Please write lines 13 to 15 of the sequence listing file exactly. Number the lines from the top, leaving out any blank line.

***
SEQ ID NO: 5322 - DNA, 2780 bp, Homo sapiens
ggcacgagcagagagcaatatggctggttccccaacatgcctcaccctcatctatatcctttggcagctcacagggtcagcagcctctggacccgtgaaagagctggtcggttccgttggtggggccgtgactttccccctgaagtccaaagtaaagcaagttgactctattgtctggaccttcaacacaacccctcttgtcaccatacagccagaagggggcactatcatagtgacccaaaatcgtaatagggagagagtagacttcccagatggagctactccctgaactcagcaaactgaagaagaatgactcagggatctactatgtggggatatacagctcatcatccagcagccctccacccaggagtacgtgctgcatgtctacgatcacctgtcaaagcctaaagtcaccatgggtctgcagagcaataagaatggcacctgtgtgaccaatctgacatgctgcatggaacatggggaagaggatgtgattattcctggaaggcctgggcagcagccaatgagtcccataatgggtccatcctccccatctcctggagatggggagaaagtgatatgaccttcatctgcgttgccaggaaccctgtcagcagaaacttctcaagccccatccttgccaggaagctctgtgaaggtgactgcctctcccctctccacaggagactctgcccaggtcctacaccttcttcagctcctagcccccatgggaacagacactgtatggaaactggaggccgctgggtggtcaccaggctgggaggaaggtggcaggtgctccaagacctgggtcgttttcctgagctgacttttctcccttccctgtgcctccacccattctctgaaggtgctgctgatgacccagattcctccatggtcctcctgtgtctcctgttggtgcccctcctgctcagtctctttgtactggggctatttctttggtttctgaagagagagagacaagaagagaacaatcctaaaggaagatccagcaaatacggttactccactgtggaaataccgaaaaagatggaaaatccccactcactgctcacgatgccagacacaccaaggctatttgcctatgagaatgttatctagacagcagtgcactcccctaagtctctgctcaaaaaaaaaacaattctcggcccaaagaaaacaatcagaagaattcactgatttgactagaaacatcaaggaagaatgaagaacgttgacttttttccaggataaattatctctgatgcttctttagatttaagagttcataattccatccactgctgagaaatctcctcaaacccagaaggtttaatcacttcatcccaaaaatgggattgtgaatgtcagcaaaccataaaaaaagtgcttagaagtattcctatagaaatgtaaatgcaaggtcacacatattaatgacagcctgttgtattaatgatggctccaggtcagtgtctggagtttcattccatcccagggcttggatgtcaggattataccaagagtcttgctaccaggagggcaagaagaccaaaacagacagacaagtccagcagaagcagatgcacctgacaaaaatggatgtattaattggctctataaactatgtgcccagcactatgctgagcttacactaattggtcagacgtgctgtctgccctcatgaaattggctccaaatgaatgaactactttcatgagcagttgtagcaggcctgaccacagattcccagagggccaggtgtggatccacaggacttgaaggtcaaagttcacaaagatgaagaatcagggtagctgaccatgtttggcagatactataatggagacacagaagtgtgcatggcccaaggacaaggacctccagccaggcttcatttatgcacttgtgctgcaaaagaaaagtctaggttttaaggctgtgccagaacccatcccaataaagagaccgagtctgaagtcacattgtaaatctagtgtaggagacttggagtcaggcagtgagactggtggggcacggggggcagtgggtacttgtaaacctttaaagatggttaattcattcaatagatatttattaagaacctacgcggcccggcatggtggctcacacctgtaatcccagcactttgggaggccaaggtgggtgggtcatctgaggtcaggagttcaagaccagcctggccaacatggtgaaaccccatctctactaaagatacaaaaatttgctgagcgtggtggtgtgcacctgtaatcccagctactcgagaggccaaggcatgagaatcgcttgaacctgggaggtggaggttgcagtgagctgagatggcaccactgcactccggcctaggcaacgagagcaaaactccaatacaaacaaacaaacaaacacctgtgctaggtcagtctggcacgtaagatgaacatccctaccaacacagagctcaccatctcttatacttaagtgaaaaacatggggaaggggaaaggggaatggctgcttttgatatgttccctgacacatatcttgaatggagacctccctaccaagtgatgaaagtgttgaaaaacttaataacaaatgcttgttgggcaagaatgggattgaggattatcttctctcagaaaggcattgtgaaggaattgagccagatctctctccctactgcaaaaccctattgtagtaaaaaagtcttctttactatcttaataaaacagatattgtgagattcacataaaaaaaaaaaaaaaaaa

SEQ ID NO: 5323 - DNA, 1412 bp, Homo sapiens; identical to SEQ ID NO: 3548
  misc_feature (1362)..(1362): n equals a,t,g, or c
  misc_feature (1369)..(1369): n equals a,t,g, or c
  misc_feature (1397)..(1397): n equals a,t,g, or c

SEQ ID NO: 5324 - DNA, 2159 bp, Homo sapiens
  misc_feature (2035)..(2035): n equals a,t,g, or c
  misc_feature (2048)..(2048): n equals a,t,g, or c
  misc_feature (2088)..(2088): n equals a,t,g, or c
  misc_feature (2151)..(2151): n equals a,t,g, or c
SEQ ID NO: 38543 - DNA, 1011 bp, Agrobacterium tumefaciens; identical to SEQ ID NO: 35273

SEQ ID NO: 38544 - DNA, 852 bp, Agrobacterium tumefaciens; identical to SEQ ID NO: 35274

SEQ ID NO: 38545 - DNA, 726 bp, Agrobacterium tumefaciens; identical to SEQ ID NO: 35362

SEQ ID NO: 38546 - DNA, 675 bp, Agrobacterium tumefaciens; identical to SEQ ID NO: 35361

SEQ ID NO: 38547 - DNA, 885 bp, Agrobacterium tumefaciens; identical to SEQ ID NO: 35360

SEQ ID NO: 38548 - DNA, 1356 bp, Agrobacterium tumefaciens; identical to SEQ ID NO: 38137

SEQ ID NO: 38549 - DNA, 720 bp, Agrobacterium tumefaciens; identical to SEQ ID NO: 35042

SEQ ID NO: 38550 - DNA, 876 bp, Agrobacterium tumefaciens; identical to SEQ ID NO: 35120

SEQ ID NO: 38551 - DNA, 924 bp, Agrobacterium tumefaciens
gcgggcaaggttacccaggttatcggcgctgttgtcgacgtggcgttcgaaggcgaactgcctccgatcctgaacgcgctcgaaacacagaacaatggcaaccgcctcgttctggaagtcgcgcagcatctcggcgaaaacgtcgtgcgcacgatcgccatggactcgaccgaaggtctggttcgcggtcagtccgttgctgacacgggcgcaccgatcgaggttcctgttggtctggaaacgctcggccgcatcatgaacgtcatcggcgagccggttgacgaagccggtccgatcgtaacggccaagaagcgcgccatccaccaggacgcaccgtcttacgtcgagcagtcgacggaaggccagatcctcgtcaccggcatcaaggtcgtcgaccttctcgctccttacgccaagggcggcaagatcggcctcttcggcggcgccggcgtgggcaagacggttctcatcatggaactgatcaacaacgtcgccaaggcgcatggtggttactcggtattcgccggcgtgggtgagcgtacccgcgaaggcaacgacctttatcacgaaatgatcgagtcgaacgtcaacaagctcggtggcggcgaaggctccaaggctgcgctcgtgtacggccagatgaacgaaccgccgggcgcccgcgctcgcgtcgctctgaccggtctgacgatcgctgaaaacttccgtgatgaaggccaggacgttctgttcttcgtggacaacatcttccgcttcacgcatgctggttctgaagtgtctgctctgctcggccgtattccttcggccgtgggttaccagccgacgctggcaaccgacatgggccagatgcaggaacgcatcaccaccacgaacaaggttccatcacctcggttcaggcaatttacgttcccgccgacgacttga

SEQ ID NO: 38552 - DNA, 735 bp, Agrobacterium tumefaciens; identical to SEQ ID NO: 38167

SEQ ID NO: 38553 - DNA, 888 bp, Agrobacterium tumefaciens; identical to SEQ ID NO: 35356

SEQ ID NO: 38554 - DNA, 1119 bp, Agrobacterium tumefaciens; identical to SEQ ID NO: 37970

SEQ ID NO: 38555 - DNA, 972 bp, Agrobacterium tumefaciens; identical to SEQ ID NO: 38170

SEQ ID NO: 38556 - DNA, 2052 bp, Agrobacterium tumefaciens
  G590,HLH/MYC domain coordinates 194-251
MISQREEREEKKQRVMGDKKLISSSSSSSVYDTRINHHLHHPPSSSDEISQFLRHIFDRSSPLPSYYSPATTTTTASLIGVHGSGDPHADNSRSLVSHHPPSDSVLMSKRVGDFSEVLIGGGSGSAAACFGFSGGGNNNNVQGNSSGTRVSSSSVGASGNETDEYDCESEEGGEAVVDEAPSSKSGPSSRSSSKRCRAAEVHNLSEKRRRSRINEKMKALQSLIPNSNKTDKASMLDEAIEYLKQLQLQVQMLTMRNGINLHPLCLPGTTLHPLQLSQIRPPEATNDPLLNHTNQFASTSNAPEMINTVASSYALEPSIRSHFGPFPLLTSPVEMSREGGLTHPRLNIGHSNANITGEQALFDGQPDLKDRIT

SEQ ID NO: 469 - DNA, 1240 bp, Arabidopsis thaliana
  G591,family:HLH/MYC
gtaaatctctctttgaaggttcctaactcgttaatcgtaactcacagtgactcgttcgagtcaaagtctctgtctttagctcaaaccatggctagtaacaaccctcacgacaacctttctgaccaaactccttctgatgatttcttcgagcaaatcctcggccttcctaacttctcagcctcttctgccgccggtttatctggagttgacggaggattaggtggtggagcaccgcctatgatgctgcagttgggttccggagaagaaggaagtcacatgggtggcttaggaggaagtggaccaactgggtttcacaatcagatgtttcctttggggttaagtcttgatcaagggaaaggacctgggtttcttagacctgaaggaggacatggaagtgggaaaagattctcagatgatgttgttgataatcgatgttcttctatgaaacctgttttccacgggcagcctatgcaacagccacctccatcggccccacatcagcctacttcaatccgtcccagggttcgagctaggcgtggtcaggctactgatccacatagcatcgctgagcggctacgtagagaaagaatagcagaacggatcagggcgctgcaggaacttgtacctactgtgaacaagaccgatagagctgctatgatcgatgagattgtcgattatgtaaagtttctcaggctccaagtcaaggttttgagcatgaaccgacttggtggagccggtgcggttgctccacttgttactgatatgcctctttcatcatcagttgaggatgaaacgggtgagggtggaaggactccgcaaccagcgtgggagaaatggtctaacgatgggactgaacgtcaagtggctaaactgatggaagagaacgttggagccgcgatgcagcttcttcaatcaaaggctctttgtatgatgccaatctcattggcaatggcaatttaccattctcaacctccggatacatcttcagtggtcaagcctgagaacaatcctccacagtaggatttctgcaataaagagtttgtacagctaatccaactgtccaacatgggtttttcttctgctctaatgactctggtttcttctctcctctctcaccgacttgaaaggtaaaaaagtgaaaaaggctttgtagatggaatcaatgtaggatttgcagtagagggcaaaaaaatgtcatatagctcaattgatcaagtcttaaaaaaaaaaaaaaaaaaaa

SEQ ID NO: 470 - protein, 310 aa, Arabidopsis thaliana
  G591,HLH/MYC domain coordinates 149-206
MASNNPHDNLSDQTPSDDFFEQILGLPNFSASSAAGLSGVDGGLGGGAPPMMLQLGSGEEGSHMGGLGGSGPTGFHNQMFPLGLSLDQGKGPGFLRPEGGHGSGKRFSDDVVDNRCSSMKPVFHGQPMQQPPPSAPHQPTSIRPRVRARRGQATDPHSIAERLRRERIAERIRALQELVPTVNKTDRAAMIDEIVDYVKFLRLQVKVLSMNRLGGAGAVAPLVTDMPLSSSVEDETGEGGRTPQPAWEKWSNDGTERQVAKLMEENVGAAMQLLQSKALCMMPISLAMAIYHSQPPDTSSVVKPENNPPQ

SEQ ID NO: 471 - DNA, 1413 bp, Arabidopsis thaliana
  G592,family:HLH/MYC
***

SEQ ID NO: 38544 - DNA, 852 bp, Agrobacterium tumefaciens; identical to SEQ ID NO: 35274

SEQ ID NO: 38545 - DNA, 726 bp, Agrobacterium tumefaciens; identical to SEQ ID NO: 35362

SEQ ID NO: 38546 - DNA, 675 bp, Agrobacterium tumefaciens; identical to SEQ ID NO: 35361